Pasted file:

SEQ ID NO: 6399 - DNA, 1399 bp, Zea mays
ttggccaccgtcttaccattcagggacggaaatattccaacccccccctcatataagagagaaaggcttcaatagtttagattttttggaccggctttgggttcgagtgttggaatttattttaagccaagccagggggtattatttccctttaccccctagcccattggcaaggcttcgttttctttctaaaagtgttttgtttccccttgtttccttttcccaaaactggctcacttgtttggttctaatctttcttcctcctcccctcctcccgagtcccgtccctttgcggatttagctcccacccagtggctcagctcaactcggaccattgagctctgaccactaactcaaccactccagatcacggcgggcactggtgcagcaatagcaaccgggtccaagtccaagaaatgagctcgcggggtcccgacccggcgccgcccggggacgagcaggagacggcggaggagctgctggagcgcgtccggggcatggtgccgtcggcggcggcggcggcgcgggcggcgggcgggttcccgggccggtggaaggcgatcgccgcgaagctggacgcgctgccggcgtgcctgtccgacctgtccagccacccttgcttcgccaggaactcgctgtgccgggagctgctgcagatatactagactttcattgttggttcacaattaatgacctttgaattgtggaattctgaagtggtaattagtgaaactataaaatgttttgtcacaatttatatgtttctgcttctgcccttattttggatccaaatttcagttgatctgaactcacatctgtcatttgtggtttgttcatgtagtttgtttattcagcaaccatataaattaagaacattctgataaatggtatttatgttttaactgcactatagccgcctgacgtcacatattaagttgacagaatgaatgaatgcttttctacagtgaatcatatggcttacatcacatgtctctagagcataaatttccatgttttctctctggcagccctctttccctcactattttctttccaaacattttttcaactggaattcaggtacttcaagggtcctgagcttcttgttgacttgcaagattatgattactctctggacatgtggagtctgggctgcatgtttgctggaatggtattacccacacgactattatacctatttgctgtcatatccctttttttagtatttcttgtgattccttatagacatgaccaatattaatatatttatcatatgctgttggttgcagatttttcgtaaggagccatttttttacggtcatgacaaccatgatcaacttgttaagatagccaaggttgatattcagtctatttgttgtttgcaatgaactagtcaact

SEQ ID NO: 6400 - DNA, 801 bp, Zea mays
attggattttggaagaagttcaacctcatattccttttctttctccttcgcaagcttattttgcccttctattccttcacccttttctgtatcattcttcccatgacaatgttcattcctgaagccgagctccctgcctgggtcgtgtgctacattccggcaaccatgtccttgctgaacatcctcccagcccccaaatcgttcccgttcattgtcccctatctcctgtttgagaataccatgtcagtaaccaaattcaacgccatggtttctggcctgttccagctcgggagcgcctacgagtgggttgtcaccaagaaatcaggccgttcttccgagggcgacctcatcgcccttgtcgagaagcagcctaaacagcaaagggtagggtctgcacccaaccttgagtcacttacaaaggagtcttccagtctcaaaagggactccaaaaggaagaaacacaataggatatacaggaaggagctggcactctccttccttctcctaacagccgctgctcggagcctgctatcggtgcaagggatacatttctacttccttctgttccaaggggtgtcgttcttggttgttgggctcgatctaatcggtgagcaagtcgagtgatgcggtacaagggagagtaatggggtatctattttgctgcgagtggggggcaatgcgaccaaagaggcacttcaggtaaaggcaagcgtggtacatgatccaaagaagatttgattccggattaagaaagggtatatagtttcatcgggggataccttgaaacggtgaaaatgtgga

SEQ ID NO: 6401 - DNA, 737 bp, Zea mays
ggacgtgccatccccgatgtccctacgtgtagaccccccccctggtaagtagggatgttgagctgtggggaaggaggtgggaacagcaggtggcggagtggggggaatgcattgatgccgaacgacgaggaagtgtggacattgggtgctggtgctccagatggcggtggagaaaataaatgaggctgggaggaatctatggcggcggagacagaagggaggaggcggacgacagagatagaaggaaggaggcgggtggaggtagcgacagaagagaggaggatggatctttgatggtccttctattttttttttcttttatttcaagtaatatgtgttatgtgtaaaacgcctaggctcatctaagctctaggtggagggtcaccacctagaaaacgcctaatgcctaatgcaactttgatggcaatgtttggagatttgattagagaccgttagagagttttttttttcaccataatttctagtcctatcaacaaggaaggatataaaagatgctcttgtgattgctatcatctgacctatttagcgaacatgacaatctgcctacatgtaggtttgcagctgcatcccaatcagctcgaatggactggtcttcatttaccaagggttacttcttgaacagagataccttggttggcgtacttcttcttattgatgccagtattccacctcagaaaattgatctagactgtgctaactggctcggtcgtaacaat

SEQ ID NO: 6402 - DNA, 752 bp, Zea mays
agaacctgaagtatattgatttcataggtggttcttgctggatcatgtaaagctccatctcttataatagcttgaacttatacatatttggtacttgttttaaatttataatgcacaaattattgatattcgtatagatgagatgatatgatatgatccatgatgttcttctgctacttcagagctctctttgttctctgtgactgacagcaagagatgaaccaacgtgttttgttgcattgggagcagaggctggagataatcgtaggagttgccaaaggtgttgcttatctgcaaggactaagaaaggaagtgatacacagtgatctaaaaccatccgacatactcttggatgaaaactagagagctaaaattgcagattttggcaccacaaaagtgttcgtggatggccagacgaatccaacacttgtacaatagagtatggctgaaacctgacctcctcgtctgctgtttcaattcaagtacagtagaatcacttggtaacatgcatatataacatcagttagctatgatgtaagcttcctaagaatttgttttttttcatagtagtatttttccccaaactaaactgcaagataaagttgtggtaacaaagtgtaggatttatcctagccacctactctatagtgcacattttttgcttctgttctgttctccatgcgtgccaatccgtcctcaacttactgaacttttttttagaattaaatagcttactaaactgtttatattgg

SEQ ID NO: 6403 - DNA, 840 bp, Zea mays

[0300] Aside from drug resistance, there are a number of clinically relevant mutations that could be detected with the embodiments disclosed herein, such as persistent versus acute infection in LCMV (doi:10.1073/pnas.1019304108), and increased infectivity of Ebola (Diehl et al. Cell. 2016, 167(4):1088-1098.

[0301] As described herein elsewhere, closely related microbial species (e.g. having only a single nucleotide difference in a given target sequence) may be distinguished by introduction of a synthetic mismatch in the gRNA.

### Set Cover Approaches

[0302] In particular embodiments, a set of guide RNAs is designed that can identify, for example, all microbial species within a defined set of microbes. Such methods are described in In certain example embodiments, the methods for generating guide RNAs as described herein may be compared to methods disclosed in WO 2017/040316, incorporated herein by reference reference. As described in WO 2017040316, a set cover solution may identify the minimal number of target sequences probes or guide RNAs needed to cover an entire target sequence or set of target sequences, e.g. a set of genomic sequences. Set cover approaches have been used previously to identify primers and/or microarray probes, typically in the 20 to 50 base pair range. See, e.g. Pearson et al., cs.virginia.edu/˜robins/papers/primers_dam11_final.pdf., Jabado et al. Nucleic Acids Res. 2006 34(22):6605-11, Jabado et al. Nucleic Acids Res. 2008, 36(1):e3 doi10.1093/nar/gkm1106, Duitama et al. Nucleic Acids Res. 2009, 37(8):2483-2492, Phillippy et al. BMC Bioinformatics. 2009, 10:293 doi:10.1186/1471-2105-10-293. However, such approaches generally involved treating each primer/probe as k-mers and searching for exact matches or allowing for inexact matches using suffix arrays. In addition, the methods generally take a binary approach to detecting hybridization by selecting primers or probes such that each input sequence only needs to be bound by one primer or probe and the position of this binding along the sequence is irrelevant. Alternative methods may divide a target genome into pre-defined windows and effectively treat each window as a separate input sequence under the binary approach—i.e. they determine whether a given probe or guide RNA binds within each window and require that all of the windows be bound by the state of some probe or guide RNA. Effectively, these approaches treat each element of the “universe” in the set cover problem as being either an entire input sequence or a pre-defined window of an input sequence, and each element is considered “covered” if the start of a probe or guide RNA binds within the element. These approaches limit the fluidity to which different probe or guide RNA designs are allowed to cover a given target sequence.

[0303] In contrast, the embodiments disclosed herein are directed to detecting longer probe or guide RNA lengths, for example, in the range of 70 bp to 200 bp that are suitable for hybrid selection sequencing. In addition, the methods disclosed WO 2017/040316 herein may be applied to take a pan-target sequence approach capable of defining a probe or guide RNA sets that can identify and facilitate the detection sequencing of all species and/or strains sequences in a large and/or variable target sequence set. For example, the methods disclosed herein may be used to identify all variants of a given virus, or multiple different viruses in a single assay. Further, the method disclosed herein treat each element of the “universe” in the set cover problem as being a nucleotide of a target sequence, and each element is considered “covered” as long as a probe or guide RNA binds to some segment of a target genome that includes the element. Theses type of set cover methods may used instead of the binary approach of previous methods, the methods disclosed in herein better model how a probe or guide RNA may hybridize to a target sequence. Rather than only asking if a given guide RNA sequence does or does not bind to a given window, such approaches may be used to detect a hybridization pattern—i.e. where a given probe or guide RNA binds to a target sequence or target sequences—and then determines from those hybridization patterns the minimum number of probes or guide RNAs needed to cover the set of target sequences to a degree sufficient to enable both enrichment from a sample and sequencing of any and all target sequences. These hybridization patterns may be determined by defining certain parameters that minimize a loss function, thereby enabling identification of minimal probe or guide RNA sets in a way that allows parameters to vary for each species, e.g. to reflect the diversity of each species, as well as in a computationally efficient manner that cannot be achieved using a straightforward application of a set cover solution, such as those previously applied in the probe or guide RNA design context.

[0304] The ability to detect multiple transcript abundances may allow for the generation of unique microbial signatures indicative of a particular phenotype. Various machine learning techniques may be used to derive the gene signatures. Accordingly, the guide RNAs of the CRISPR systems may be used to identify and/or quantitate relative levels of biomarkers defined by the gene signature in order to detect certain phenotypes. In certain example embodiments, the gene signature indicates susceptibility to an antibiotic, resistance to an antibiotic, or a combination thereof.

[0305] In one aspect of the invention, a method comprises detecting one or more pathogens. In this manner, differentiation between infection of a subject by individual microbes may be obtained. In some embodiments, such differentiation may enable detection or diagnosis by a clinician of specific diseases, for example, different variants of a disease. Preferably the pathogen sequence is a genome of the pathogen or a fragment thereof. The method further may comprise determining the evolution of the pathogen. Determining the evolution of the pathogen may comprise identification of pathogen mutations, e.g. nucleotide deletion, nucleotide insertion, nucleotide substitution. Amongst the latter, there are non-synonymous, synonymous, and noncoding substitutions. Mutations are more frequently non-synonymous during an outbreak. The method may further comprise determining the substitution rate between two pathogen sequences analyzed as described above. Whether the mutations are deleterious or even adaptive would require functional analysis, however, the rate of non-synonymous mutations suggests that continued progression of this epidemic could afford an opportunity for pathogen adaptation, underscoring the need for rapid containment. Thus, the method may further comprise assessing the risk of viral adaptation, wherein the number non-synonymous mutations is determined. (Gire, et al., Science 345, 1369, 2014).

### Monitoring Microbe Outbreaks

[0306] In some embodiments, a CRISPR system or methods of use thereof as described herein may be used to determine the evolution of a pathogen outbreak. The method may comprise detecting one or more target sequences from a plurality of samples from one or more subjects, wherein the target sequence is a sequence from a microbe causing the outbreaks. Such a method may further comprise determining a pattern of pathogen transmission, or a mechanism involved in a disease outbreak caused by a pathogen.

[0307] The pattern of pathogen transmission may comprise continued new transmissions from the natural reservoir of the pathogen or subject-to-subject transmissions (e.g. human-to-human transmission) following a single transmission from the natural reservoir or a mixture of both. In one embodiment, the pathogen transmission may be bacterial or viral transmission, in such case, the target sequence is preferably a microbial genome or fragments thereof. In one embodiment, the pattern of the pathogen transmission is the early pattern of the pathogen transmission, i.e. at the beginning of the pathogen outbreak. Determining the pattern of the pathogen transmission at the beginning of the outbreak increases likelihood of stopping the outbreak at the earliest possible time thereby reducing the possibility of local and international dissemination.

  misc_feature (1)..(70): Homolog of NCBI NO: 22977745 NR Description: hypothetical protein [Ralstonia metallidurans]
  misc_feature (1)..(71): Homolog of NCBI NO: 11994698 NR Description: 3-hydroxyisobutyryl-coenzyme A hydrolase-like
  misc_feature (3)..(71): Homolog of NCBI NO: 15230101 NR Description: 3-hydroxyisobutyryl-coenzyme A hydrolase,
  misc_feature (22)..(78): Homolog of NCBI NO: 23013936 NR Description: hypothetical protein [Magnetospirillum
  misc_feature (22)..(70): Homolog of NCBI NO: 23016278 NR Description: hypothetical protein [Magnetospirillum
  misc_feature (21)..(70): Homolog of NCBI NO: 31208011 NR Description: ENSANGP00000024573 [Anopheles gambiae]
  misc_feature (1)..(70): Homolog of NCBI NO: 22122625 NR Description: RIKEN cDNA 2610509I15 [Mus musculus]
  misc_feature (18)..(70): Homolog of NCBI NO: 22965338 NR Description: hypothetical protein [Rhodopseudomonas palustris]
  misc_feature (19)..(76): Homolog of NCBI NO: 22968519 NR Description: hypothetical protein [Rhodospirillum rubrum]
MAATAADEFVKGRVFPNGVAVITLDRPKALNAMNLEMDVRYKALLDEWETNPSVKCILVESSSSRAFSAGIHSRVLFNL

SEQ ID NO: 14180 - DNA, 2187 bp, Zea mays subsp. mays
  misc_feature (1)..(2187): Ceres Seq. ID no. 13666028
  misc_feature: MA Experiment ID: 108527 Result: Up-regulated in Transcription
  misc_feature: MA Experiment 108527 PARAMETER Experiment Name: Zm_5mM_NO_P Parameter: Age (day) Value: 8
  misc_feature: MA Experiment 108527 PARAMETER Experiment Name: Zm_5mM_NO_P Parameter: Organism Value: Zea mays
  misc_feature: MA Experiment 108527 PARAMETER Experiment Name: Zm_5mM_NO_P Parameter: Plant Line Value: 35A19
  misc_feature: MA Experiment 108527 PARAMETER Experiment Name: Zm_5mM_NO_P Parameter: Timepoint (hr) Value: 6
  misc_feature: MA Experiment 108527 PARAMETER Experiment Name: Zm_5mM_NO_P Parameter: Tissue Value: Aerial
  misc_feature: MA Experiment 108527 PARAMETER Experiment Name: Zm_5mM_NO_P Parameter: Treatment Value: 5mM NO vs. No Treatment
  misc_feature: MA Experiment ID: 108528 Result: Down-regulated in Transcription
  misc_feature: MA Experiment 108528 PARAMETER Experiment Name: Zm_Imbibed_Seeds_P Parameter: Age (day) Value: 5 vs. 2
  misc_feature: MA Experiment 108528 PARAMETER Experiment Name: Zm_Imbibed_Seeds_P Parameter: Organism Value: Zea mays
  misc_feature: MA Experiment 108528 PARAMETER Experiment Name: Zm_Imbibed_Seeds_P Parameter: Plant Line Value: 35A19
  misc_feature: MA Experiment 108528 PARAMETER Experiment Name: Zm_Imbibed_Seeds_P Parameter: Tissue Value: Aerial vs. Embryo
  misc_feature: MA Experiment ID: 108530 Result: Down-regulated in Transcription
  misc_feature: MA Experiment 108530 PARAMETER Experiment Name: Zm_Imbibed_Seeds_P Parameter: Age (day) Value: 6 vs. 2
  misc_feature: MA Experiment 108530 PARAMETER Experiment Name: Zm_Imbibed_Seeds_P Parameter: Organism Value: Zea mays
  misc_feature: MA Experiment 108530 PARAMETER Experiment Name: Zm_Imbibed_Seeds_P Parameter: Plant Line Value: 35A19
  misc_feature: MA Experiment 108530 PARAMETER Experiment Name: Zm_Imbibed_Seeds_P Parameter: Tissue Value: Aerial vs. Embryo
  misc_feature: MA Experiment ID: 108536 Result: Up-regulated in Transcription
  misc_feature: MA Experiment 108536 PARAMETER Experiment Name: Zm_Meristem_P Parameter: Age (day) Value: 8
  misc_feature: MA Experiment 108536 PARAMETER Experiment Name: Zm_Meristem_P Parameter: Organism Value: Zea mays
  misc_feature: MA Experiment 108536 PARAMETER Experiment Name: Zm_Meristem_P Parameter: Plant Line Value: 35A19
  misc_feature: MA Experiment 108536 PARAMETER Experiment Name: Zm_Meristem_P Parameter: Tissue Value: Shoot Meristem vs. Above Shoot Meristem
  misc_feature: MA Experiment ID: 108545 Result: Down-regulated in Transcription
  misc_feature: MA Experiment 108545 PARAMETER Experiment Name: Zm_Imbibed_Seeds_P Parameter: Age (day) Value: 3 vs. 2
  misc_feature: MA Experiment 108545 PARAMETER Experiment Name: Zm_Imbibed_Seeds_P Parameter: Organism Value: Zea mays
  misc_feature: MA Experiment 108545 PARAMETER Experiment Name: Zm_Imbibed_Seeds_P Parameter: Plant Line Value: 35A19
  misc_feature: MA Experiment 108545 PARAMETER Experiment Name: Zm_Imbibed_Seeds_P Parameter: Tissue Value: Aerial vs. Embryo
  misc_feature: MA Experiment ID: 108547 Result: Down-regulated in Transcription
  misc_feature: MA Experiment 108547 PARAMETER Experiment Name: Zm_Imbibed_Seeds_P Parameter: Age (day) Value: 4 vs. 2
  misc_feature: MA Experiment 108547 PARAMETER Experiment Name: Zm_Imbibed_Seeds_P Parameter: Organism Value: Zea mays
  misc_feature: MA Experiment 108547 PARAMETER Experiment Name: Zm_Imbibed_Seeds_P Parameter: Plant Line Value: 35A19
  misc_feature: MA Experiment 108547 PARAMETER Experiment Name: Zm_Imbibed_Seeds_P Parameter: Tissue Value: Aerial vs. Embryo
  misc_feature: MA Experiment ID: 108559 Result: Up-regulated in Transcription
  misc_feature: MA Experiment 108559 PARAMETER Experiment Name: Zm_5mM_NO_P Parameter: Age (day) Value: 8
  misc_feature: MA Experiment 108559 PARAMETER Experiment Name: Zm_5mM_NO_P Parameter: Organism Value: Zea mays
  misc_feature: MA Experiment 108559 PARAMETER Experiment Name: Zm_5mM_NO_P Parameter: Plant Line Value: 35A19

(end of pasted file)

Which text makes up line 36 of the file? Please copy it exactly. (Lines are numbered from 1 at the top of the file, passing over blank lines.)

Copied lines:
  misc_feature: MA Experiment 108527 PARAMETER Experiment Name: Zm_5mM_NO_P Parameter: Timepoint (hr) Value: 6